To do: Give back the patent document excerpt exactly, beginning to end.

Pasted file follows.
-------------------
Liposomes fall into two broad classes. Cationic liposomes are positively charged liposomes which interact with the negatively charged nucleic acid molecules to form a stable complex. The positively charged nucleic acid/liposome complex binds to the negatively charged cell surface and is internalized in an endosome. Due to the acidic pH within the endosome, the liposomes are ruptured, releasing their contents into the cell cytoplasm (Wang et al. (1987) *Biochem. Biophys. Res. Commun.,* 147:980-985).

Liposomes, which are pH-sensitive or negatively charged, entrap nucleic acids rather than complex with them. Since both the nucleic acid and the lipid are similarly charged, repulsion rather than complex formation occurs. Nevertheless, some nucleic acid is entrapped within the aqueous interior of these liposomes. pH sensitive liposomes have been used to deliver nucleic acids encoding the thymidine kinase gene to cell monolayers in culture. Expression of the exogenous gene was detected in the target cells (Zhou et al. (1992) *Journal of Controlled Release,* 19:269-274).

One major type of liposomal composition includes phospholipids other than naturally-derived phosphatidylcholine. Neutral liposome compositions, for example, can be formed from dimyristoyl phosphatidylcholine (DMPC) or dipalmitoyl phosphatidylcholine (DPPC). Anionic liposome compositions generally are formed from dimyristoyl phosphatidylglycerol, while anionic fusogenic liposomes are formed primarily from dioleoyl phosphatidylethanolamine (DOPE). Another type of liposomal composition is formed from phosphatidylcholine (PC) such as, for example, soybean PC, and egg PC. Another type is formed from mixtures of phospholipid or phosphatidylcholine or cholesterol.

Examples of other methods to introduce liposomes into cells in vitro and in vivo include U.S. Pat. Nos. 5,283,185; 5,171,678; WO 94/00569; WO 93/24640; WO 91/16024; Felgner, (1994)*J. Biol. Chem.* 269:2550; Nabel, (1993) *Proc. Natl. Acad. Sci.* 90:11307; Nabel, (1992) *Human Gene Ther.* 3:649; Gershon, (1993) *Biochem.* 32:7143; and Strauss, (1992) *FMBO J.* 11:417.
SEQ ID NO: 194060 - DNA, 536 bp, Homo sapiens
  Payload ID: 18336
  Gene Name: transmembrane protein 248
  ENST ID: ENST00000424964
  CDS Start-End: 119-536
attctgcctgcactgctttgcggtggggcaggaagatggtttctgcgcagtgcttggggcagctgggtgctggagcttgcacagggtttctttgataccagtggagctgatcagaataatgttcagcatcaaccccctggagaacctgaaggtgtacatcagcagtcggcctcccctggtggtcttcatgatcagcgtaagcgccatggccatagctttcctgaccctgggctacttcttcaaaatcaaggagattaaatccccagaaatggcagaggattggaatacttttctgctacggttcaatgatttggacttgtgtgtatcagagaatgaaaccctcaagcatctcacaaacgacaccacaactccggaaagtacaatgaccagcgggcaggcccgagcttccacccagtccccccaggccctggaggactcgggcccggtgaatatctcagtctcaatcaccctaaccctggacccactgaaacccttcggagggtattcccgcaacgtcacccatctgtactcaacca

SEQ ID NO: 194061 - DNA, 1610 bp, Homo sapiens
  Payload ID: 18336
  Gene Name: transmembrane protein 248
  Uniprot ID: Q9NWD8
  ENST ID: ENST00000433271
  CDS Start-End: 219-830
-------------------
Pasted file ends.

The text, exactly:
Liposomes fall into two broad classes. Cationic liposomes are positively charged liposomes which interact with the negatively charged nucleic acid molecules to form a stable complex. The positively charged nucleic acid/liposome complex binds to the negatively charged cell surface and is internalized in an endosome. Due to the acidic pH within the endosome, the liposomes are ruptured, releasing their contents into the cell cytoplasm (Wang et al. (1987) *Biochem. Biophys. Res. Commun.,* 147:980-985).

Liposomes, which are pH-sensitive or negatively charged, entrap nucleic acids rather than complex with them. Since both the nucleic acid and the lipid are similarly charged, repulsion rather than complex formation occurs. Nevertheless, some nucleic acid is entrapped within the aqueous interior of these liposomes. pH sensitive liposomes have been used to deliver nucleic acids encoding the thymidine kinase gene to cell monolayers in culture. Expression of the exogenous gene was detected in the target cells (Zhou et al. (1992) *Journal of Controlled Release,* 19:269-274).

One major type of liposomal composition includes phospholipids other than naturally-derived phosphatidylcholine. Neutral liposome compositions, for example, can be formed from dimyristoyl phosphatidylcholine (DMPC) or dipalmitoyl phosphatidylcholine (DPPC). Anionic liposome compositions generally are formed from dimyristoyl phosphatidylglycerol, while anionic fusogenic liposomes are formed primarily from dioleoyl phosphatidylethanolamine (DOPE). Another type of liposomal composition is formed from phosphatidylcholine (PC) such as, for example, soybean PC, and egg PC. Another type is formed from mixtures of phospholipid or phosphatidylcholine or cholesterol.

Examples of other methods to introduce liposomes into cells in vitro and in vivo include U.S. Pat. Nos. 5,283,185; 5,171,678; WO 94/00569; WO 93/24640; WO 91/16024; Felgner, (1994)*J. Biol. Chem.* 269:2550; Nabel, (1993) *Proc. Natl. Acad. Sci.* 90:11307; Nabel, (1992) *Human Gene Ther.* 3:649; Gershon, (1993) *Biochem.* 32:7143; and Strauss, (1992) *FMBO J.* 11:417.
SEQ ID NO: 194060 - DNA, 536 bp, Homo sapiens
  Payload ID: 18336
  Gene Name: transmembrane protein 248
  ENST ID: ENST00000424964
  CDS Start-End: 119-536
attctgcctgcactgctttgcggtggggcaggaagatggtttctgcgcagtgcttggggcagctgggtgctggagcttgcacagggtttctttgataccagtggagctgatcagaataatgttcagcatcaaccccctggagaacctgaaggtgtacatcagcagtcggcctcccctggtggtcttcatgatcagcgtaagcgccatggccatagctttcctgaccctgggctacttcttcaaaatcaaggagattaaatccccagaaatggcagaggattggaatacttttctgctacggttcaatgatttggacttgtgtgtatcagagaatgaaaccctcaagcatctcacaaacgacaccacaactccggaaagtacaatgaccagcgggcaggcccgagcttccacccagtccccccaggccctggaggactcgggcccggtgaatatctcagtctcaatcaccctaaccctggacccactgaaacccttcggagggtattcccgcaacgtcacccatctgtactcaacca

SEQ ID NO: 194061 - DNA, 1610 bp, Homo sapiens
  Payload ID: 18336
  Gene Name: transmembrane protein 248
  Uniprot ID: Q9NWD8
  ENST ID: ENST00000433271
  CDS Start-End: 219-830